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Document Details :
Title: Blondel's Metaphysics of the Will
Author(s): BOEY, Koen
Volume: 62 Issue: 3 Date: 2001
In order to understand the reactions to the publication in 1893 of l’Action by Maurice Blondel, we should investigate the philosophical climate at the end of the 19th century both at French universities and in ecclesiastical circles. In the latter, Blondel was suspected of modernism because he criticised Thomist metaphysics as losing itself in abstractions because of its distance from life. Did this perhaps show contempt of the metaphysical abilities of the intellect? In his own philosophy, moreover, Blondel presented the supernatural as absolutely necessary and yet as absolutely impossible. Was this overrating the intellect? If human reason in explaining human nature deals with the metaphysical level, does not this reduce the metaphysical to the merely natural level? Blondel’s philosophy did indeed owe a debt to the method of immanence, which he thought capable of speaking about what medieval man knew as desiderium naturale Dei<.i>.
At French universities, on the other hand, the principle of immanence had been raised to a quasi-dogma. The neo-Cartesians agreed with the neo-Kantians that philosophy should limit itself to that part of worldly reality which reason can master.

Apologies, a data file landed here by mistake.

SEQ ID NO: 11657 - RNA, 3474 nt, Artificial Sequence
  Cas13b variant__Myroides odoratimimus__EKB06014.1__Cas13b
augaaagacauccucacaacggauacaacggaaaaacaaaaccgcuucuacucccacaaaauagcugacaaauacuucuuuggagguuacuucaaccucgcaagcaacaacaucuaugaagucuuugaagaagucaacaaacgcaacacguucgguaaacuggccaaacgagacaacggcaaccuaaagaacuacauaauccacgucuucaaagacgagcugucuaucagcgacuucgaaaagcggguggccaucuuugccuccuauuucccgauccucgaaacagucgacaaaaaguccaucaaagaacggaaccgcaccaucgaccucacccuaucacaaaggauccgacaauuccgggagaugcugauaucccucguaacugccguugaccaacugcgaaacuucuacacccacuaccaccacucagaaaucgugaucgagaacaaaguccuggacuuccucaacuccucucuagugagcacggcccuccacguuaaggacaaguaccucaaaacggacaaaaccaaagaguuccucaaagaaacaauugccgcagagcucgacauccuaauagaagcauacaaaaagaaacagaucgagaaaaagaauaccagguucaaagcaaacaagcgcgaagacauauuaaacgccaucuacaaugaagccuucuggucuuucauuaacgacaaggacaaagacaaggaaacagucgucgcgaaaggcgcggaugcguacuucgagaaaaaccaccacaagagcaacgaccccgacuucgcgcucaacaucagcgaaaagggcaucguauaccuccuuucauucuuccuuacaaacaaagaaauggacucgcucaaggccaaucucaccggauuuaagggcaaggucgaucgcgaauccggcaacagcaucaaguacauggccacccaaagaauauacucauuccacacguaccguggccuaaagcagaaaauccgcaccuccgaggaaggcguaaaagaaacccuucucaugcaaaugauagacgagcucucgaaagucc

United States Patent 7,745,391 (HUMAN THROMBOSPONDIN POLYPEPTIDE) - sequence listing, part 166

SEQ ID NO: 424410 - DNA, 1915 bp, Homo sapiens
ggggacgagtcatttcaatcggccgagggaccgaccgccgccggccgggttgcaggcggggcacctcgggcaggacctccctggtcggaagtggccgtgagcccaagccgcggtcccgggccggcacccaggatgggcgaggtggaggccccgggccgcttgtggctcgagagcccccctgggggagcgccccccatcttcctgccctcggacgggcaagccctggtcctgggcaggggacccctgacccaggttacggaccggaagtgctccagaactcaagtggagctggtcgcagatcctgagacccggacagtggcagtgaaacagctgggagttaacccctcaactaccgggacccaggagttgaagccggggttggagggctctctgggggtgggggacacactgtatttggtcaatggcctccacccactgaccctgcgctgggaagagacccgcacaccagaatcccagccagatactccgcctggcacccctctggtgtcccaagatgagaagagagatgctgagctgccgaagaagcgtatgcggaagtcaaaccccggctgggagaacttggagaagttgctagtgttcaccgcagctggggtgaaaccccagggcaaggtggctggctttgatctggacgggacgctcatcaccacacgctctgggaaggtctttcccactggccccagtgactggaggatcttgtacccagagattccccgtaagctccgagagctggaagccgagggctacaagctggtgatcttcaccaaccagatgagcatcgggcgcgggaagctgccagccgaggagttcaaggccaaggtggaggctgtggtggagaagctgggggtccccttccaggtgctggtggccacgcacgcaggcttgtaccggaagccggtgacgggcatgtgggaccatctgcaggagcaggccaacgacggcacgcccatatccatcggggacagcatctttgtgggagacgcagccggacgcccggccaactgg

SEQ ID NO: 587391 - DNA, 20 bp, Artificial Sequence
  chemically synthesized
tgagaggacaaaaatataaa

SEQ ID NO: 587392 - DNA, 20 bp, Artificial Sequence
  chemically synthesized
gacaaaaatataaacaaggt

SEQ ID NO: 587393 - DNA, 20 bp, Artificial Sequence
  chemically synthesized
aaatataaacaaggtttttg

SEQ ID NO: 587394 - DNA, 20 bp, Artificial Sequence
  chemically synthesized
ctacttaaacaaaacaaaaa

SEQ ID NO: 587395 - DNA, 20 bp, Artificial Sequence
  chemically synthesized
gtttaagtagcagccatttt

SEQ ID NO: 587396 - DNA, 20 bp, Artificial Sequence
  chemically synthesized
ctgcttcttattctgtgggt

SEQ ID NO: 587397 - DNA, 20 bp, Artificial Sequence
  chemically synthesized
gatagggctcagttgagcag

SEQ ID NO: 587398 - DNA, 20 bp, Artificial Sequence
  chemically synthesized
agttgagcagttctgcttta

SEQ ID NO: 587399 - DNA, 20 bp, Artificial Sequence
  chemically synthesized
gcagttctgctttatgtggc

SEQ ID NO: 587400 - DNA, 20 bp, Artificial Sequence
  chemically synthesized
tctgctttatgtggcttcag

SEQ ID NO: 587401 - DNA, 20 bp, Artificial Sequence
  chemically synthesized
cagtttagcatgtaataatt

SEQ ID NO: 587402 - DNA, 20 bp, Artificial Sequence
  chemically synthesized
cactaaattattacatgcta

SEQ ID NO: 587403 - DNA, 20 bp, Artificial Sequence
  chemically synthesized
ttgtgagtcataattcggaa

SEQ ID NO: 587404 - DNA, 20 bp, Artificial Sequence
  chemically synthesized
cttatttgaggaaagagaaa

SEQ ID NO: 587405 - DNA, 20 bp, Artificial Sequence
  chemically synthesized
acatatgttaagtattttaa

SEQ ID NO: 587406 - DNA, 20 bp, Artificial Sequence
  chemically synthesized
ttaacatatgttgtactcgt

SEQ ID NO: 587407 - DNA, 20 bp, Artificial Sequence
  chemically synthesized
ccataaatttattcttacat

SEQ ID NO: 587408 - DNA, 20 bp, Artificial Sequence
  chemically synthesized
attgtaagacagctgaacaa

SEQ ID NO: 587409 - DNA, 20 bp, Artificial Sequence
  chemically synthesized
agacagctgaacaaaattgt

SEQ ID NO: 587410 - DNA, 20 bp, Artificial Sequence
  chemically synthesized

The criticism from both sides were due to a misunderstanding of Blondel’s intentions. He intended to work out a metaphysics of the will. Within this framework, it was his conviction that all forms of thinking are threatened by abstraction as soon as they refuse to acknowledge that thinking is related to the dynamics of the will, albeit different trom the act of volition. Blondel’s metaphysics of the will is based on an extensive phenomenology of action, whose existential impact goes together with a rigorous dialectical line of reasoning. As the dialectics of Hegel’s Phänomenologie searches for the adequacy between consecutive certainties and ultimate truth, so Blondel’s dialectics goes in search of the adequacy between the consecutive aims of the will and the ultimate goal of the will’s dynamics. We discuss this analogy in the awareness that Blondel is not a Catholic Hegel. As to the theological discussion of the supernatural within a philosophical perspective, Bouillard’s interpretation is succinctly presented.